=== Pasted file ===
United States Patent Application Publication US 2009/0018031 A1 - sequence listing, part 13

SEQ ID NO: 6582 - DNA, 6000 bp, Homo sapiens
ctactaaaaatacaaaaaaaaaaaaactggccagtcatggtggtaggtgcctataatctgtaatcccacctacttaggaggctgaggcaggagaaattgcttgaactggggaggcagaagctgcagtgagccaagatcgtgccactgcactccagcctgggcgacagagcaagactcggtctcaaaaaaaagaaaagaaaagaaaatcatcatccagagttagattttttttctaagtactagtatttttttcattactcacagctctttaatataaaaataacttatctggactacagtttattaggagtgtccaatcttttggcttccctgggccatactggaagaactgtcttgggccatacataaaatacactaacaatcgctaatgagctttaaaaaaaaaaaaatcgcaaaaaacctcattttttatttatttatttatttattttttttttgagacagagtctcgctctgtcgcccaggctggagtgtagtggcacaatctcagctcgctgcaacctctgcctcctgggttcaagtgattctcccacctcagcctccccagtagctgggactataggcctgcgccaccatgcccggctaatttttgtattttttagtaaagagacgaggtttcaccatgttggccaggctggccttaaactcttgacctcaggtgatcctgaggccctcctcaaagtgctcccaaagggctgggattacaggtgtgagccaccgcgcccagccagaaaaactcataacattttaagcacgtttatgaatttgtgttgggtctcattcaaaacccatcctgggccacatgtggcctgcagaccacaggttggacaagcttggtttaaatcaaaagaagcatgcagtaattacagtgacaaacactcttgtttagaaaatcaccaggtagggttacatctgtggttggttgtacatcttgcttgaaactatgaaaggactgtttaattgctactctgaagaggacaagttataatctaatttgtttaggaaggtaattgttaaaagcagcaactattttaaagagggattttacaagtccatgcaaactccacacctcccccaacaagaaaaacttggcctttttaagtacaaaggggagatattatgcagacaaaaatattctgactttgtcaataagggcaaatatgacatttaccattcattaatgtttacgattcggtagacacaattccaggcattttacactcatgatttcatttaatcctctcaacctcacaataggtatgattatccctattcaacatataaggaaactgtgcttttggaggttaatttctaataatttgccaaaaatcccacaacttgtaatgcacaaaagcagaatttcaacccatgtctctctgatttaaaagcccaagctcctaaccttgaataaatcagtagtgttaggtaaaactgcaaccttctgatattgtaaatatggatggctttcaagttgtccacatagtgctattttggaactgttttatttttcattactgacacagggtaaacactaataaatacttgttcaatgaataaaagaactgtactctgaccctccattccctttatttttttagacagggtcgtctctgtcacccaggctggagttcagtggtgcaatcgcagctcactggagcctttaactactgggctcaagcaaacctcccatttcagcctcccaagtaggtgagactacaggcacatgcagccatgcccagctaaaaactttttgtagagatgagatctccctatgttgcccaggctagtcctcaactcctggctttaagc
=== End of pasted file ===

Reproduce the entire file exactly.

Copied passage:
United States Patent Application Publication US 2009/0018031 A1 - sequence listing, part 13

SEQ ID NO: 6582 - DNA, 6000 bp, Homo sapiens
ctactaaaaatacaaaaaaaaaaaaactggccagtcatggtggtaggtgcctataatctgtaatcccacctacttaggaggctgaggcaggagaaattgcttgaactggggaggcagaagctgcagtgagccaagatcgtgccactgcactccagcctgggcgacagagcaagactcggtctcaaaaaaaagaaaagaaaagaaaatcatcatccagagttagattttttttctaagtactagtatttttttcattactcacagctctttaatataaaaataacttatctggactacagtttattaggagtgtccaatcttttggcttccctgggccatactggaagaactgtcttgggccatacataaaatacactaacaatcgctaatgagctttaaaaaaaaaaaaatcgcaaaaaacctcattttttatttatttatttatttattttttttttgagacagagtctcgctctgtcgcccaggctggagtgtagtggcacaatctcagctcgctgcaacctctgcctcctgggttcaagtgattctcccacctcagcctccccagtagctgggactataggcctgcgccaccatgcccggctaatttttgtattttttagtaaagagacgaggtttcaccatgttggccaggctggccttaaactcttgacctcaggtgatcctgaggccctcctcaaagtgctcccaaagggctgggattacaggtgtgagccaccgcgcccagccagaaaaactcataacattttaagcacgtttatgaatttgtgttgggtctcattcaaaacccatcctgggccacatgtggcctgcagaccacaggttggacaagcttggtttaaatcaaaagaagcatgcagtaattacagtgacaaacactcttgtttagaaaatcaccaggtagggttacatctgtggttggttgtacatcttgcttgaaactatgaaaggactgtttaattgctactctgaagaggacaagttataatctaatttgtttaggaaggtaattgttaaaagcagcaactattttaaagagggattttacaagtccatgcaaactccacacctcccccaacaagaaaaacttggcctttttaagtacaaaggggagatattatgcagacaaaaatattctgactttgtcaataagggcaaatatgacatttaccattcattaatgtttacgattcggtagacacaattccaggcattttacactcatgatttcatttaatcctctcaacctcacaataggtatgattatccctattcaacatataaggaaactgtgcttttggaggttaatttctaataatttgccaaaaatcccacaacttgtaatgcacaaaagcagaatttcaacccatgtctctctgatttaaaagcccaagctcctaaccttgaataaatcagtagtgttaggtaaaactgcaaccttctgatattgtaaatatggatggctttcaagttgtccacatagtgctattttggaactgttttatttttcattactgacacagggtaaacactaataaatacttgttcaatgaataaaagaactgtactctgaccctccattccctttatttttttagacagggtcgtctctgtcacccaggctggagttcagtggtgcaatcgcagctcactggagcctttaactactgggctcaagcaaacctcccatttcagcctcccaagtaggtgagactacaggcacatgcagccatgcccagctaaaaactttttgtagagatgagatctccctatgttgcccaggctagtcctcaactcctggctttaagc